I visited an organic lavender farm a few summers ago. About a half a mile down the road I knew I was close as I could smell the fragrance wafting through the air. The rolling hillside was full of stunning, silvery-green and purple lavender plants. While I’ve never been to France, I imagined this is what the French countryside must look and smell like. I felt immediately transported to a peaceful place. How much was linked to the actual aromatic effects of lavender or the natural beauty of it in this lovely environment, I’ll never know. Either way, it was an experience to remember.
While lavender is an obvious visual and olfactory indulgence, its value goes far beyond these sensory experiences. The plant has a long and illustrious history as traditional medicine in many cultures. Lavender use has been traced back at least 2500 years, when it was used for mummification and perfumery by the ancient Egyptians, Phoenicians, and Arabs. Ancient Romans are also believed to have used lavender for cooking, bathing, and scenting the air. Today, science is revealing the incredible properties lavender possesses to reduce depression, premenstrual syndrome (PMS) and anxiety, as well as aiding insomnia and repelling insects. While lavender has many uses, here are some of my favorites:
A joint Canadian and Iranian study compared the effects of a medication for depression to drinking tea made from lavender flowers. The researchers found that the lavender was slightly more effective than the anti-depressant drugs without any of the dangerous side effects often present with these types of drugs. The researchers concluded that lavender might be used as an adjunct to anti-depressant drugs or on its own to assist with symptoms of depression. The study participants drank two cups of an infusion made with lavender daily. This can be made by adding two teaspoons of dried flowers to boiled water and letting it sit for 10 minutes before straining and drinking the tea. Alternatively add one drop of lavender essential oil to a glass of warm water, stir and drink, three times daily. Of course, never discontinue any medications without consulting your physician.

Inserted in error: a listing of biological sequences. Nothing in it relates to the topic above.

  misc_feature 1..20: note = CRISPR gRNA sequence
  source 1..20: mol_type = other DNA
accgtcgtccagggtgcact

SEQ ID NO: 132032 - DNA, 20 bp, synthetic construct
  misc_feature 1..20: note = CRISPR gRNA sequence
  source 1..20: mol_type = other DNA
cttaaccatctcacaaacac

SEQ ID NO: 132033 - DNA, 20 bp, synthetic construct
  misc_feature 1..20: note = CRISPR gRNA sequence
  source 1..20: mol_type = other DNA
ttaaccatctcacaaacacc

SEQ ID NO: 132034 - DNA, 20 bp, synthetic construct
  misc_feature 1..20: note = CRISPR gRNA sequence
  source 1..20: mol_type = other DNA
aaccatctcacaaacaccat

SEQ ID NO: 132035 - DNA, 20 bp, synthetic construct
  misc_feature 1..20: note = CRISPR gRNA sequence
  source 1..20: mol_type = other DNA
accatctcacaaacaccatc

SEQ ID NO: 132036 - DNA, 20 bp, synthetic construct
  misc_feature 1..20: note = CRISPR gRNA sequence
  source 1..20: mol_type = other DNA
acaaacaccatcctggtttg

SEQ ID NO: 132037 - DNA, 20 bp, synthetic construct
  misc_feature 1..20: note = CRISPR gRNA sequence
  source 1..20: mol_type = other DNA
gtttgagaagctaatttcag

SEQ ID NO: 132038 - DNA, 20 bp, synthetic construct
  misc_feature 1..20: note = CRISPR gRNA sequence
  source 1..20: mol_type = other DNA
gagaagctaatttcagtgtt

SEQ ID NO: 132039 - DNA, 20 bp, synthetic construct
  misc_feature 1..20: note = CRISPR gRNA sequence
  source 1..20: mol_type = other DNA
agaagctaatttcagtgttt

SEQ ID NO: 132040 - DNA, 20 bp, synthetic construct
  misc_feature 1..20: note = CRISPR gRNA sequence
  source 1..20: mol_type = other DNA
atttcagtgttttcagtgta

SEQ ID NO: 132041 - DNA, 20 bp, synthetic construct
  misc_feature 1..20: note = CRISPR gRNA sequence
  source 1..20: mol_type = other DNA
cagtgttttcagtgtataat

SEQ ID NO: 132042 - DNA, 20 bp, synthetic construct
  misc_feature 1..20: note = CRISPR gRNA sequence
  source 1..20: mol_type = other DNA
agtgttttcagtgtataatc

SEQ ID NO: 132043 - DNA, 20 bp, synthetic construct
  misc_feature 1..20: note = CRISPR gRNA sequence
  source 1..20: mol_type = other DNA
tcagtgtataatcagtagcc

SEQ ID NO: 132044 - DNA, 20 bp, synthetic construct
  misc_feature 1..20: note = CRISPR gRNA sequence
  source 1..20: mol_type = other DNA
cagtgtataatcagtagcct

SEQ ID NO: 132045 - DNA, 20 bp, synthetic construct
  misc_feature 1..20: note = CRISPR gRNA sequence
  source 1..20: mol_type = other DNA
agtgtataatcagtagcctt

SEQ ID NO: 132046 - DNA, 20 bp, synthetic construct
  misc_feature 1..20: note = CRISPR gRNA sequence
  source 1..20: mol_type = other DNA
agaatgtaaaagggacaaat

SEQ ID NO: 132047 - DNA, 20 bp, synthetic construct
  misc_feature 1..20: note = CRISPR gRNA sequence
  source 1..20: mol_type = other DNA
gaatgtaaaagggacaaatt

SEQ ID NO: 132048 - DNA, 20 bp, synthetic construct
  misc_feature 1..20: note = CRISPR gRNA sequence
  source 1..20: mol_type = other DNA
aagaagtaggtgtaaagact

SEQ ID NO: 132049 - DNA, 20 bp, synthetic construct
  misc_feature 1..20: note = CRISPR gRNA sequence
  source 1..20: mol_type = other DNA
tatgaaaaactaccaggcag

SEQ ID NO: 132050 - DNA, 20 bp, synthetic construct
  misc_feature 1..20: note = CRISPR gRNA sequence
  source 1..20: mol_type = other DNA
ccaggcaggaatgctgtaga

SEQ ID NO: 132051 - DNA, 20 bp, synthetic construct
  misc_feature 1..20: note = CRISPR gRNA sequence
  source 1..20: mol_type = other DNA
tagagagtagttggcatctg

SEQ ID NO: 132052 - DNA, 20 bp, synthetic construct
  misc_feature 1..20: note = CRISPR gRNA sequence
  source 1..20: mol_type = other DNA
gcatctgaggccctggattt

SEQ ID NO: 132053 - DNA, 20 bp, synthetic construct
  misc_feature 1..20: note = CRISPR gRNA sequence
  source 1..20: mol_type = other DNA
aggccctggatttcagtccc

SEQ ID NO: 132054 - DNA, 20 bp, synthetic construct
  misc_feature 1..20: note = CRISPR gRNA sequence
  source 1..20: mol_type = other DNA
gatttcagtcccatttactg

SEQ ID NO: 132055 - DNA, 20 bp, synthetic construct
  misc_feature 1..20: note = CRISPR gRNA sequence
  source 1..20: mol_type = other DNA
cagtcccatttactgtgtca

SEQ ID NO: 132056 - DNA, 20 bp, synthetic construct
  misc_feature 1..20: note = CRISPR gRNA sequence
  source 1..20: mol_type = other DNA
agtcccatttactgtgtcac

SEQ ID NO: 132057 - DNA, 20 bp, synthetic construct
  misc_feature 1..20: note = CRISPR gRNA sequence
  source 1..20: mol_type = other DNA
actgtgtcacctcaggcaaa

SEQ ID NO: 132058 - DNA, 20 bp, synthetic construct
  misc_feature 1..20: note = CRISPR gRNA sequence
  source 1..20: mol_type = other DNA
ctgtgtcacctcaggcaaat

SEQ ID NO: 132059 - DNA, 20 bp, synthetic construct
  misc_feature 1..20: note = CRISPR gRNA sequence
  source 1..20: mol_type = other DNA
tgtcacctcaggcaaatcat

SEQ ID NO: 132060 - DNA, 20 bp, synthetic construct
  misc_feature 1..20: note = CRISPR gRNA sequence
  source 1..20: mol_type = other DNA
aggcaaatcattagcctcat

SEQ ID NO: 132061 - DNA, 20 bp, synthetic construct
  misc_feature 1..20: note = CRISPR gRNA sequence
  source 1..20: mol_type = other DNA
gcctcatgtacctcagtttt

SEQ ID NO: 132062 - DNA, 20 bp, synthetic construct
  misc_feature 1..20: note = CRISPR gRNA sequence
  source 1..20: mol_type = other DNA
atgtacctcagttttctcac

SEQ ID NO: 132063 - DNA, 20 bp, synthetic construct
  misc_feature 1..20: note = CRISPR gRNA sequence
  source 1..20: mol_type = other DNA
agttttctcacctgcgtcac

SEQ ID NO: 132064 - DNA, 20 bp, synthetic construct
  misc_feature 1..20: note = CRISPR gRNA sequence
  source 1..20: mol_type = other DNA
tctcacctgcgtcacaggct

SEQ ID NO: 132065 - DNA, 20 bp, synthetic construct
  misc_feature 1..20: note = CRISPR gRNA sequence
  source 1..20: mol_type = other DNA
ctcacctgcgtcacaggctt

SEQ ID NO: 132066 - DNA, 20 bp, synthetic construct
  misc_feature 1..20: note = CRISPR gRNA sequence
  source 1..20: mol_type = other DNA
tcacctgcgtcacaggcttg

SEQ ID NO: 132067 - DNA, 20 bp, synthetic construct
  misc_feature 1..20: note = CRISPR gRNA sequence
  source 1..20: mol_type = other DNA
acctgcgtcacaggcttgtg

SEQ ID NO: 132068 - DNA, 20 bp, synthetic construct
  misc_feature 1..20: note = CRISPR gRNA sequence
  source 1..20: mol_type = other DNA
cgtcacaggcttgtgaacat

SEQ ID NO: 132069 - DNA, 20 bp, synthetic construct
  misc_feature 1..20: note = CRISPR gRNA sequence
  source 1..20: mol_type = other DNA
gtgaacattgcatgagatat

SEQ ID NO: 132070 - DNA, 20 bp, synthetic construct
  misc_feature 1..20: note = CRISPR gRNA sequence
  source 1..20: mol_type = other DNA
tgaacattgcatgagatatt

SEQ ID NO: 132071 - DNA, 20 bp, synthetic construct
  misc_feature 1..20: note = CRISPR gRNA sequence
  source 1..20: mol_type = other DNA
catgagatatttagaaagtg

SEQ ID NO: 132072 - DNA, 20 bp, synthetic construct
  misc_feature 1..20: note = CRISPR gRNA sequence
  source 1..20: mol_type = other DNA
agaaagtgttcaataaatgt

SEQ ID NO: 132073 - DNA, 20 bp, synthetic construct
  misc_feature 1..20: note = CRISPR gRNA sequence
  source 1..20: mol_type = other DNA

Lavender is a traditionally-used insomnia remedy. Renowned herbalist and author of The Green Pharmacy, James Duke, recounts stories of British hospitals using lavender essential oil in patients’ baths or sprinkled onto bed clothes to help them sleep. To use in a bath sprinkle 5 to 10 drops of lavender essential oil under the water as the tub fills to allow the oils to disperse. Alternatively, place a heaping tablespoon of dried lavender flowers in cheesecloth, tie into a bundle and allow the flowers to infuse in the bathwater while soaking.
3. Mosquito Repellent
In a South African study comparing the effects of lavender essential oil to DEET-based tick repellents, lavender showed comparable results to the DEET sprays. At a 5 percent concentration the insect-repellent results of the lavender oil lasted for 40 minutes while at a 10 percent or higher concentration of the essential oil, the results lasted for two hours. Add 10 to 20 drops of lavender essential oil to a dollop of your favorite unscented cream and apply before heading outdoors.
4. PMS Symptoms
A Japanese study published in the journal BioPsychoSocial Medicine found that inhaling the scent of lavender for ten minutes had a significant effect on the nervous system of women suffering from premenstrual symptoms. It especially decreased feelings of depression and confusion. Add a few drops of lavender essential oil to a clean handkerchief and deeply inhale for at least ten minutes. Alternatively, massage a couple drops of lavender essential oil onto your abdomen.
Using Lavender Essential Oil
Choose only high quality, pure, undiluted lavandula angustifolia (true lavender) purchased from a reputable supplier. I like and use doTerra essential oils as they are pure, undiluted, and ethically-sourced. Many varieties of lavender essential oils use less therapeutic species of lavender, dilute the essential oil in a cheaper carrier oil, or even add synthetic esters to increase the volume of these compounds, resulting in an inferior oil lacking in therapeutic value.
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Dr. Michelle Schoffro Cook, PhD, DNM, RNCP is an international best-selling and 20-time published book author whose works include: Be Your Own Herbalist: Essential Herbs for Health, Beauty & Cooking.
Copyright Michelle Schoffro Cook. All rights reserved. No use of this article, in whole or in part, may be used without the prior written permission of the author. This article is provided for educational purposes only and is not intended to diagnose, treat, cure, or prevent disease.